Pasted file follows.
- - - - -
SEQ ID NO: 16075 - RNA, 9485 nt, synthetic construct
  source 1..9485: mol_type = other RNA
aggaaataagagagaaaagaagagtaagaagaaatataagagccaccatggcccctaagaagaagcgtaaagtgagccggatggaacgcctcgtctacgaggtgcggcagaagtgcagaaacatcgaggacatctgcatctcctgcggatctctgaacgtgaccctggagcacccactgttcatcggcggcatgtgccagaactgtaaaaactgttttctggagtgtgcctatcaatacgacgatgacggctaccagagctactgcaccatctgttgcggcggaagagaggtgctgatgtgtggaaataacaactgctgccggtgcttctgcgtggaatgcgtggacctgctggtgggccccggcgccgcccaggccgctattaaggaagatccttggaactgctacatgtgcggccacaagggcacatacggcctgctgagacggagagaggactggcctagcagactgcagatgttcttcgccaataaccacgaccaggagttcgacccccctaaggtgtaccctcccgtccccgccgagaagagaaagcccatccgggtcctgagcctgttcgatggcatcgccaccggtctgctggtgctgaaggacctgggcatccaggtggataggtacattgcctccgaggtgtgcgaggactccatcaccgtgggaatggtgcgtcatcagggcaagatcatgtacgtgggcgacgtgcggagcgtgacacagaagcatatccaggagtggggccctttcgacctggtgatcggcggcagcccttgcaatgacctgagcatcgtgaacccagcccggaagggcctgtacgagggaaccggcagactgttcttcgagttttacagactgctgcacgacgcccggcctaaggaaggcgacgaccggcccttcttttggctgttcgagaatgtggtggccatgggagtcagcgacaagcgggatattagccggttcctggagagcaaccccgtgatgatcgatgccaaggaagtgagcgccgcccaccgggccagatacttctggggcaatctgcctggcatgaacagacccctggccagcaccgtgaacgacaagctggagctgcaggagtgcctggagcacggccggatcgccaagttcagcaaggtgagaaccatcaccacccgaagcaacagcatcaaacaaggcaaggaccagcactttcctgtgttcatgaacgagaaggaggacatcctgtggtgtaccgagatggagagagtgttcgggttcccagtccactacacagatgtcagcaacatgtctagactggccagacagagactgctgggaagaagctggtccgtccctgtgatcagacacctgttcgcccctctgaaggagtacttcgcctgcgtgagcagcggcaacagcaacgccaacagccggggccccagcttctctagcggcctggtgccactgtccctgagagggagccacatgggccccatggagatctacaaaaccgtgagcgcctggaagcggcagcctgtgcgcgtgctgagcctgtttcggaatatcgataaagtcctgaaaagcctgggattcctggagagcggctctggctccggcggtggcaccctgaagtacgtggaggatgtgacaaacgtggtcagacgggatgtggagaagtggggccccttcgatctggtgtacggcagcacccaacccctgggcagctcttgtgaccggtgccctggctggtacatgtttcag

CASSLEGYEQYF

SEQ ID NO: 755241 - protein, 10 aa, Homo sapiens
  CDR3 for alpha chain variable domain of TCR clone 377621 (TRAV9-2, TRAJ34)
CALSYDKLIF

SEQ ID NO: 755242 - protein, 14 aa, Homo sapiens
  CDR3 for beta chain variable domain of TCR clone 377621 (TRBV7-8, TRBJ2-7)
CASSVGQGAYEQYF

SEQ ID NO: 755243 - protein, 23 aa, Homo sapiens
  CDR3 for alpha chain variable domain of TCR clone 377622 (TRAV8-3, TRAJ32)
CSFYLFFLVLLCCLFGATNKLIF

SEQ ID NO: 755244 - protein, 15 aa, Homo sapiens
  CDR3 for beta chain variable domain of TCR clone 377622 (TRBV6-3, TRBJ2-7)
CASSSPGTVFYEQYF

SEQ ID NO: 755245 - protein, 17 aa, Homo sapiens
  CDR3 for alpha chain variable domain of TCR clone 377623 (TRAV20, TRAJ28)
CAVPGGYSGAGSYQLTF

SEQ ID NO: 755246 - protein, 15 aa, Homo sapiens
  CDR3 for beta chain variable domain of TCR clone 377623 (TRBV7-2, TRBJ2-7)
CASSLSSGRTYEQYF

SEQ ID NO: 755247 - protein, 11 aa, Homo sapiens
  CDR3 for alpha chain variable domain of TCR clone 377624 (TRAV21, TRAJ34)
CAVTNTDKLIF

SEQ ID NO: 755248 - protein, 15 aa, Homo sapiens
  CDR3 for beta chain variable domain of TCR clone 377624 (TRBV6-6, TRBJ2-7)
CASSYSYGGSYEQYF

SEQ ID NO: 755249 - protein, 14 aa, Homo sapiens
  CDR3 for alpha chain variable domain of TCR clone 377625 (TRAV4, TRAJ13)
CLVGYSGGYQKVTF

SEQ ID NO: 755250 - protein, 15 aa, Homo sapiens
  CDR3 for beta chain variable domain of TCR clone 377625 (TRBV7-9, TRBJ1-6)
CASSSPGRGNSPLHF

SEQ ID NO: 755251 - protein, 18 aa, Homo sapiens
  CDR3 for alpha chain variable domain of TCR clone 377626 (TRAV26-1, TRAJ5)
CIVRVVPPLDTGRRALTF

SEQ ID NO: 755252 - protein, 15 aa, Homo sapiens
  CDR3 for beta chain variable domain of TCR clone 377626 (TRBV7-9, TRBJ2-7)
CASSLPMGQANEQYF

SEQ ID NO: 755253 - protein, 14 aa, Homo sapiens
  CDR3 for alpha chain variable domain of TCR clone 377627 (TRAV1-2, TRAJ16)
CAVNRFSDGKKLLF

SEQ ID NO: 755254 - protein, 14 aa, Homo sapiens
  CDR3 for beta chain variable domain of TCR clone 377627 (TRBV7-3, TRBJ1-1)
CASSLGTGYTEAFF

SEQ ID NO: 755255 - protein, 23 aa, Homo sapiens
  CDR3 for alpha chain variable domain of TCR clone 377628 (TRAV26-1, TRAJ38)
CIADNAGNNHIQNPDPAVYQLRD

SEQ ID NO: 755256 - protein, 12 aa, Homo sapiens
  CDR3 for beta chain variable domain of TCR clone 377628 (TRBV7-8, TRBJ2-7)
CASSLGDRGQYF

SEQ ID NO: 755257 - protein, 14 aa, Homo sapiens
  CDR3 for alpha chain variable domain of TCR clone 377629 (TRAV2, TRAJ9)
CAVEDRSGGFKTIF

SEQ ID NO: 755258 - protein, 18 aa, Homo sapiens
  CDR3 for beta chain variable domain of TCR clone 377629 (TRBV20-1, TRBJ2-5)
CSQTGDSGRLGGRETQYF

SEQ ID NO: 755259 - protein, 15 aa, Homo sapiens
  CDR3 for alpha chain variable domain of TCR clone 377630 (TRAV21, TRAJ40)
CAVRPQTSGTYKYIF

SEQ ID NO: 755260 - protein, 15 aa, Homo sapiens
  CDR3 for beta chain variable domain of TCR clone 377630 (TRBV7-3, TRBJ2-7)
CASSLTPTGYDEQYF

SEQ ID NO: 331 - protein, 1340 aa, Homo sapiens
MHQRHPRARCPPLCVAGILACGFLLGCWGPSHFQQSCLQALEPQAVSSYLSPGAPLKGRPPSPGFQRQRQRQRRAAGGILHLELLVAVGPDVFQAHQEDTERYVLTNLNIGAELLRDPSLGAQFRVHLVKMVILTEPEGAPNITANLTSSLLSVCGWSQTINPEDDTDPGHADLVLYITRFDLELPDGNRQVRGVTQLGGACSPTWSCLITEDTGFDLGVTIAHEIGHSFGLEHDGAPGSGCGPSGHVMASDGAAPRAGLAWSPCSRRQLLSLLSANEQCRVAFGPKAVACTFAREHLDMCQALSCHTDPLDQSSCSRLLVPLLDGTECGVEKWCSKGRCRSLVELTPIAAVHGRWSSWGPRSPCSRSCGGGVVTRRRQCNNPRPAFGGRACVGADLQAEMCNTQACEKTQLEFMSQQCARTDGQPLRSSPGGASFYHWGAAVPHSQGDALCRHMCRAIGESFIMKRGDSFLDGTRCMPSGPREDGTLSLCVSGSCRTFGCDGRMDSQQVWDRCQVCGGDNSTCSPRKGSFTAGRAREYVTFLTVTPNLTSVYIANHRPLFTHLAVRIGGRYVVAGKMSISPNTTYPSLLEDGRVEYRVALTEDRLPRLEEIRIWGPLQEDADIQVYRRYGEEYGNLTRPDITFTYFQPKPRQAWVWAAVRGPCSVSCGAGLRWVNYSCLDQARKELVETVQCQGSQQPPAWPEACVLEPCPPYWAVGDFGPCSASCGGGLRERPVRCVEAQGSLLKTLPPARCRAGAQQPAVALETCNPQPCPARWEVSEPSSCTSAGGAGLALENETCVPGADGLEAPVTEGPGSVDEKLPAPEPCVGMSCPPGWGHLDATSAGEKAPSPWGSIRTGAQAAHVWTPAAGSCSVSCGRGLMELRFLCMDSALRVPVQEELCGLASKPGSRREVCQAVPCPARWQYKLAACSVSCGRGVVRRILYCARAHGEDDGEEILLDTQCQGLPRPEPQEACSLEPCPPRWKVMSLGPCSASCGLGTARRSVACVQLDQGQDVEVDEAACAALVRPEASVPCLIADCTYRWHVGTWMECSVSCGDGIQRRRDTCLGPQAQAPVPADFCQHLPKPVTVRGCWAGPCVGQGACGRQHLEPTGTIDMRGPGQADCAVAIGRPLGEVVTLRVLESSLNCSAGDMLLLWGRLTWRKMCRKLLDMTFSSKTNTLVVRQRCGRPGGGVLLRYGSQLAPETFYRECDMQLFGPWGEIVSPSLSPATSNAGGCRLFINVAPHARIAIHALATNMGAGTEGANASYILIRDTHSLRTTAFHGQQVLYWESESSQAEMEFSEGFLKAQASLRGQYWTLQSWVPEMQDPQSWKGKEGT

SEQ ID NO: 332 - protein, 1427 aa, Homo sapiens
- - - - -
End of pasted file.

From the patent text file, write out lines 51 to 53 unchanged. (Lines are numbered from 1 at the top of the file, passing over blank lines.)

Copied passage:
  CDR3 for beta chain variable domain of TCR clone 377628 (TRBV7-8, TRBJ2-7)
CASSLGDRGQYF

SEQ ID NO: 755257 - protein, 14 aa, Homo sapiens